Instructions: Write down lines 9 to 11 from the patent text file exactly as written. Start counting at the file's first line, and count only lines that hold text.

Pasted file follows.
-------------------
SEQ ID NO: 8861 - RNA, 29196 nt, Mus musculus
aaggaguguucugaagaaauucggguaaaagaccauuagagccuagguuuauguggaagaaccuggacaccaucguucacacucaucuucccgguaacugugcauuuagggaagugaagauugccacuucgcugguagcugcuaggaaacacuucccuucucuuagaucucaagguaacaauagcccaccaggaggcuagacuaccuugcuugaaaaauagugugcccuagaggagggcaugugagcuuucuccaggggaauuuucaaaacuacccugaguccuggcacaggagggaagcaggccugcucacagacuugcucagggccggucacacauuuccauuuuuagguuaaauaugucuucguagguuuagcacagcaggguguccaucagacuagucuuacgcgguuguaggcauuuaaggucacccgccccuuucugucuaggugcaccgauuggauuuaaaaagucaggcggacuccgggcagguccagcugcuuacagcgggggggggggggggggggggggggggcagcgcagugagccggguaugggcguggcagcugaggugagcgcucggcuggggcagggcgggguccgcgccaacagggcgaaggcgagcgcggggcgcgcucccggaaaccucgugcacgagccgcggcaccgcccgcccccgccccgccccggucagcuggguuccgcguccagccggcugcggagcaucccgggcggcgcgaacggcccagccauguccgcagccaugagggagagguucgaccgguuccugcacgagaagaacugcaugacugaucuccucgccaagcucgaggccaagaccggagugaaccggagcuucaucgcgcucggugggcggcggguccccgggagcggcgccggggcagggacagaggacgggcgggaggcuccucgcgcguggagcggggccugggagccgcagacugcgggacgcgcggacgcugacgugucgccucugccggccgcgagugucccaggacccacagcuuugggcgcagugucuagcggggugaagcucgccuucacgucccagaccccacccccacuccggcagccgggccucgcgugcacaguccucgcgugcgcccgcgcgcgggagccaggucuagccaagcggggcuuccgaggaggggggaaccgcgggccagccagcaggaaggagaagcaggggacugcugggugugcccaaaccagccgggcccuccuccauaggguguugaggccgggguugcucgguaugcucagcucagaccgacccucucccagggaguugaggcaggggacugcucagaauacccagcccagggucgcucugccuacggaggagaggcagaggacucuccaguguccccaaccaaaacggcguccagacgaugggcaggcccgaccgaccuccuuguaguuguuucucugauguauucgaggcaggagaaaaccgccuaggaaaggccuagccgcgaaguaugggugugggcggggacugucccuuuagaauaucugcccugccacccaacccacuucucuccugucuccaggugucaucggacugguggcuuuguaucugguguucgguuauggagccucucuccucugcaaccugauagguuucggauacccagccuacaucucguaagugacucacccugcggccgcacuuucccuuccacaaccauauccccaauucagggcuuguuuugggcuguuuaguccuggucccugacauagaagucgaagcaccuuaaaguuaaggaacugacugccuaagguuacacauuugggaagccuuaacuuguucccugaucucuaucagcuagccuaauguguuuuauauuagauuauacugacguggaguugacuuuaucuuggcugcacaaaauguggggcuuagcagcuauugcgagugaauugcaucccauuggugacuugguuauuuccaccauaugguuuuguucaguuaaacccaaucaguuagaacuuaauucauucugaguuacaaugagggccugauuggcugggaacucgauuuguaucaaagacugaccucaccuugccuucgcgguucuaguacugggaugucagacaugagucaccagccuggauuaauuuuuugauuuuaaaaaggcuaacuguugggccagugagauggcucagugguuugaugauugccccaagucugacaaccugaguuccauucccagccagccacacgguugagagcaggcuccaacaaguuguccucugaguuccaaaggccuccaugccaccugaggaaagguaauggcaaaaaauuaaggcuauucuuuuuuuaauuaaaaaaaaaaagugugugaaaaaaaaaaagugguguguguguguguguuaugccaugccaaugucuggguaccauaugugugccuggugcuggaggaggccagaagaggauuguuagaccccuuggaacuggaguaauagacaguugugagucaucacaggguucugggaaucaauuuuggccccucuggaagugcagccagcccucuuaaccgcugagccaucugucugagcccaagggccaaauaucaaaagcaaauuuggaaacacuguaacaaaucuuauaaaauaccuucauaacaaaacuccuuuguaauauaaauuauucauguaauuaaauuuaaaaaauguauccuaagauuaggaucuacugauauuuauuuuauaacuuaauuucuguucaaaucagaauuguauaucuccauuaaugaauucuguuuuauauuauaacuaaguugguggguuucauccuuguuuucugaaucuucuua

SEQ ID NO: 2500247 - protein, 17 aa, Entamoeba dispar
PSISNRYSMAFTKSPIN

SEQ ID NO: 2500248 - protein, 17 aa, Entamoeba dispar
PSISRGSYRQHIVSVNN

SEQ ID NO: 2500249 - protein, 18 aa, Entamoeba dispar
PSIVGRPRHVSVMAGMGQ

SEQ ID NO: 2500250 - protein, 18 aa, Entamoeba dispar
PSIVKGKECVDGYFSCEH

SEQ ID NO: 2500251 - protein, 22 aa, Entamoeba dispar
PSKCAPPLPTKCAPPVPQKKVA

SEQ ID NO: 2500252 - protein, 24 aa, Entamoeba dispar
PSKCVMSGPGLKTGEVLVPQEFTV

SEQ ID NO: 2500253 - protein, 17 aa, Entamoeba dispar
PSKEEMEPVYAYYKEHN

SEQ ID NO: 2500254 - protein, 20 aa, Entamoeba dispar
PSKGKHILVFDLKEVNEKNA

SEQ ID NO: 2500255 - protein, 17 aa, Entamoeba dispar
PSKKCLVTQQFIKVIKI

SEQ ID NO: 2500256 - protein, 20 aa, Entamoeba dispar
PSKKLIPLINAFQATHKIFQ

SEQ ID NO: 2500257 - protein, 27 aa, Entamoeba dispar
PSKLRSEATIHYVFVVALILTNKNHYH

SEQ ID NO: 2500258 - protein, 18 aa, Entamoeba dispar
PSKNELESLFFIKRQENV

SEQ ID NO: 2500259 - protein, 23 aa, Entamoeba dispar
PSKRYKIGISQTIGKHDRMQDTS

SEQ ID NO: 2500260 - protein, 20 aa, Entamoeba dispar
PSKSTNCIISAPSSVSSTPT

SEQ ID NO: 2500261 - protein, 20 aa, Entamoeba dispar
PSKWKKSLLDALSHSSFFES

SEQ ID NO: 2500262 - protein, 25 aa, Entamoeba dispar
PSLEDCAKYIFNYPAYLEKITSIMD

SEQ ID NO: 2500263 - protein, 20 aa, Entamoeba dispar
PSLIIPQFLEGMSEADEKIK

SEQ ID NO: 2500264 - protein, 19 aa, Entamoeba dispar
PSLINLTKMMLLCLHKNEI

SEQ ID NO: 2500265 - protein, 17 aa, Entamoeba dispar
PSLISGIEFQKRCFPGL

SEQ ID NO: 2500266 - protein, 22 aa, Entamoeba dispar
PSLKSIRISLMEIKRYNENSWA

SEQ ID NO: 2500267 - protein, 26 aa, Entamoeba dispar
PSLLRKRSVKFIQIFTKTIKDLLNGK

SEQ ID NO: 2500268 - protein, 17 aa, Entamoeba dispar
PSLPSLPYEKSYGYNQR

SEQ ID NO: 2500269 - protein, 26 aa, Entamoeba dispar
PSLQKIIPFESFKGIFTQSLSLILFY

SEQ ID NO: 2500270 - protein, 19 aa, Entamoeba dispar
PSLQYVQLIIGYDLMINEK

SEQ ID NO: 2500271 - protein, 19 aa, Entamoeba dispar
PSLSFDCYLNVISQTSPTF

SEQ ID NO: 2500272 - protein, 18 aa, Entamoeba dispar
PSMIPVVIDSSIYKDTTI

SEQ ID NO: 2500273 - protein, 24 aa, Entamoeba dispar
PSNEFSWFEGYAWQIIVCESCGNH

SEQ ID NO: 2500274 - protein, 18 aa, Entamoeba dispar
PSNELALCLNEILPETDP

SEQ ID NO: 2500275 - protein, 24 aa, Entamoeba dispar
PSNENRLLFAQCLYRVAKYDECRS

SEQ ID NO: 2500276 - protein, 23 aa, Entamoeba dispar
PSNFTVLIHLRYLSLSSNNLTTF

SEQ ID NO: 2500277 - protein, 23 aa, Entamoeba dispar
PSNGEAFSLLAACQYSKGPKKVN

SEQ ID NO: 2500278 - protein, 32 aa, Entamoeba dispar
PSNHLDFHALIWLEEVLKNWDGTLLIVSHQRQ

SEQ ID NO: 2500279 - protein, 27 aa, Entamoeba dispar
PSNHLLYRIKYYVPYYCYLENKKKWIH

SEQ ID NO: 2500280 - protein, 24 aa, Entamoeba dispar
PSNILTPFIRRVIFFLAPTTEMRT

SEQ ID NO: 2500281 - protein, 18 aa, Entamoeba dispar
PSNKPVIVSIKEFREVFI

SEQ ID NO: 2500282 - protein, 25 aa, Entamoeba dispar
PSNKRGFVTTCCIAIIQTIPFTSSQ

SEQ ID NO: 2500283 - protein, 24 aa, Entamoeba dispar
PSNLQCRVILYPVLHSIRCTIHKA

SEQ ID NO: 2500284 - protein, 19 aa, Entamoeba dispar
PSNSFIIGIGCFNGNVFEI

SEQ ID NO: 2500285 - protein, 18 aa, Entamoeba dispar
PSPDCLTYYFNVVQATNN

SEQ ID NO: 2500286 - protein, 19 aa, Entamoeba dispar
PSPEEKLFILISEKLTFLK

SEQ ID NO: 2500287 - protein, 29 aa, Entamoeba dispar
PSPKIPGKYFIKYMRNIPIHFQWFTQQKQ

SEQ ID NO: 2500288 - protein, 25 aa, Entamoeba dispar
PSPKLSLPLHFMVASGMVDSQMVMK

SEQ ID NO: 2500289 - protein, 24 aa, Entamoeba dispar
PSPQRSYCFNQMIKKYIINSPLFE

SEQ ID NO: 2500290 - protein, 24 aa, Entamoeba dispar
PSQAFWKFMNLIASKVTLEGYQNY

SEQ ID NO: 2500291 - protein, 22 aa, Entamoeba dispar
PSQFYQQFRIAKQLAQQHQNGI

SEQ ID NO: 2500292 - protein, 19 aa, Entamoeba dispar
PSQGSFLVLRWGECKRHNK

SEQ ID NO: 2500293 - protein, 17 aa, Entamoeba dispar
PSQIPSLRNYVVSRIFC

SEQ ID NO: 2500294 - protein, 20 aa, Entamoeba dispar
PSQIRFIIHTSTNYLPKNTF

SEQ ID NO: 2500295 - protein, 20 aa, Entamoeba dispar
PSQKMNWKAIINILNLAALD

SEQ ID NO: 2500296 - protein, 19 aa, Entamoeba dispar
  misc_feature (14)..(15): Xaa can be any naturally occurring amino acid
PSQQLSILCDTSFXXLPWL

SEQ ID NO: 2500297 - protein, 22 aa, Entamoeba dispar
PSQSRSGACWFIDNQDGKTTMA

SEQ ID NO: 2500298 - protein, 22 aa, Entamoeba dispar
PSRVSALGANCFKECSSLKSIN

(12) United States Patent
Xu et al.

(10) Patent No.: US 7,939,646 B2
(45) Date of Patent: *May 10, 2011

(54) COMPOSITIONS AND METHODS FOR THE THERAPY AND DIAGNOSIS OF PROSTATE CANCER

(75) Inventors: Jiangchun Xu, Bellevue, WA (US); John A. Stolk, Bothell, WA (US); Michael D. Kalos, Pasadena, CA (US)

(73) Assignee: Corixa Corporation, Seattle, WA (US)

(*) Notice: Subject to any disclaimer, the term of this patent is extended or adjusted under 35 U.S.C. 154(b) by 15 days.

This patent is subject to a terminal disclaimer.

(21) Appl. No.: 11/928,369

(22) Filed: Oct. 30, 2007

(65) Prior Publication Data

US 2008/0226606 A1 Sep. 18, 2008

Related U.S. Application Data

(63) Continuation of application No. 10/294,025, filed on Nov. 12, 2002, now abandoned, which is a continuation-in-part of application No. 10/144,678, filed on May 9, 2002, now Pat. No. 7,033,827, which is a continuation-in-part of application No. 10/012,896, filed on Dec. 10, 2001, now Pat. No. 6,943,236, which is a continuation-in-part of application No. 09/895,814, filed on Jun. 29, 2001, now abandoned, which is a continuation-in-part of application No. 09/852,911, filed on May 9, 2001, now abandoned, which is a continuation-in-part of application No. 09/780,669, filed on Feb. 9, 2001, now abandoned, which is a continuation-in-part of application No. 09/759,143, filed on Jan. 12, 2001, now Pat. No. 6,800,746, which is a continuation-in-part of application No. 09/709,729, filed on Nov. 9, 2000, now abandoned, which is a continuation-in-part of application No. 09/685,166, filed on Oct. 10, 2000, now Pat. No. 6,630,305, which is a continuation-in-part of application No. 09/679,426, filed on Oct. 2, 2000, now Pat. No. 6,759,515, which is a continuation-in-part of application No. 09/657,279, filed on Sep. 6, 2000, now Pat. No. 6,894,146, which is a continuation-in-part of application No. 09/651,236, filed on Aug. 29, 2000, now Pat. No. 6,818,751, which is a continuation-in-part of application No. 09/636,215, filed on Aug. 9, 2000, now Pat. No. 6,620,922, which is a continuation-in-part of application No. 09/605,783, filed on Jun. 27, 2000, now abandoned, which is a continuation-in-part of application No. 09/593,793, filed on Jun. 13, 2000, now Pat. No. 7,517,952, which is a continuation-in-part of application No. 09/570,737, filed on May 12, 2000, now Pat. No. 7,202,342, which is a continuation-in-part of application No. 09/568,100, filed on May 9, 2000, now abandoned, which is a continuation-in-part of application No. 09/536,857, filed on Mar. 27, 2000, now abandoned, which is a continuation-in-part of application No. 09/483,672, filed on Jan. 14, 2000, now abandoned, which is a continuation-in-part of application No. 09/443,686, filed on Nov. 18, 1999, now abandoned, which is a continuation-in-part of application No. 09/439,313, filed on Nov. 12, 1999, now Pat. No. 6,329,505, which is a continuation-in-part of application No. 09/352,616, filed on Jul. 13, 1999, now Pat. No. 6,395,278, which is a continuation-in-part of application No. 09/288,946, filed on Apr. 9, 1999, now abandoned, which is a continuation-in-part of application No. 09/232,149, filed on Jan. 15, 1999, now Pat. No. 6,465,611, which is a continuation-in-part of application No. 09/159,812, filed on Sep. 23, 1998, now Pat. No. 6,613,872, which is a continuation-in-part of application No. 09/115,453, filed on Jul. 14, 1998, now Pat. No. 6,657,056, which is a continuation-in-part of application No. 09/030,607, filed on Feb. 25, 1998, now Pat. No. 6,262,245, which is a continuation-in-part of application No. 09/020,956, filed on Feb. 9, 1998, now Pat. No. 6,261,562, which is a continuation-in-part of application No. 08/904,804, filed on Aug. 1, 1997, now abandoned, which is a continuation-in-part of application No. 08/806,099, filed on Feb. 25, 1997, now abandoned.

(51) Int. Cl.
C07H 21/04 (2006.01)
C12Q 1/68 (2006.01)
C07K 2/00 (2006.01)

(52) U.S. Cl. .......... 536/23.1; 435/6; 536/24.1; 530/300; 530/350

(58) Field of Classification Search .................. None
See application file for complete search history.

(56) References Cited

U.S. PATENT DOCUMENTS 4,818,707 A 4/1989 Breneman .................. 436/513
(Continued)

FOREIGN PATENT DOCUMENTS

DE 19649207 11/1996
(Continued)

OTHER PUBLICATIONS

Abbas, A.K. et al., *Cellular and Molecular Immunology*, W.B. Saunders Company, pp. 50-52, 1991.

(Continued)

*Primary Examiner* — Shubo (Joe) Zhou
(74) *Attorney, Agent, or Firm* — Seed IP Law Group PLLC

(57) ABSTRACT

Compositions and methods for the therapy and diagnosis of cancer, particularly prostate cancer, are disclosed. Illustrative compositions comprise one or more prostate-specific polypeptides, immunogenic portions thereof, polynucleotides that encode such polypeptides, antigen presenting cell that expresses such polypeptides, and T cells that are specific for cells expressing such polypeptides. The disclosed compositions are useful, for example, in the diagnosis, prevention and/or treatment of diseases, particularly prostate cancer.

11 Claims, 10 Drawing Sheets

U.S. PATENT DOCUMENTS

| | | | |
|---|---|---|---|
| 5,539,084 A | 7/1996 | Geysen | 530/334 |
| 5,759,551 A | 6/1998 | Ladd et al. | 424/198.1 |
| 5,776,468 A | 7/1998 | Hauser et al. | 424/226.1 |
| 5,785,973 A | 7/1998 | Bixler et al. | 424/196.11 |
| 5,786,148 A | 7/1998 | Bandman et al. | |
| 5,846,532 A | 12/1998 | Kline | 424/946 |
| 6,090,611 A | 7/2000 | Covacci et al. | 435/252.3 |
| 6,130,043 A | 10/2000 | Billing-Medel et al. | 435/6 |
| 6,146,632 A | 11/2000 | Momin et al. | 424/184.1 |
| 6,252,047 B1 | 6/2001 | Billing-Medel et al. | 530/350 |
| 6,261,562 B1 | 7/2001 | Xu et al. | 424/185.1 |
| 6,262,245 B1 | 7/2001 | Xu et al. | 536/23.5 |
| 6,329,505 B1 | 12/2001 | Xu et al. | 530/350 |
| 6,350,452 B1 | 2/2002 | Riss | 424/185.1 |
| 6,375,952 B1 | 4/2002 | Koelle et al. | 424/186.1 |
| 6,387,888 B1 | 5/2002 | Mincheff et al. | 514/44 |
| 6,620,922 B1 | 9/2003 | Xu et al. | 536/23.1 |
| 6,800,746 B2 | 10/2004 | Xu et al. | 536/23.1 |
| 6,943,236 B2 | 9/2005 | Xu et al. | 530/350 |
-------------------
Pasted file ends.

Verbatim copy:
SEQ ID NO: 2500250 - protein, 18 aa, Entamoeba dispar
PSIVKGKECVDGYFSCEH

SEQ ID NO: 2500251 - protein, 22 aa, Entamoeba dispar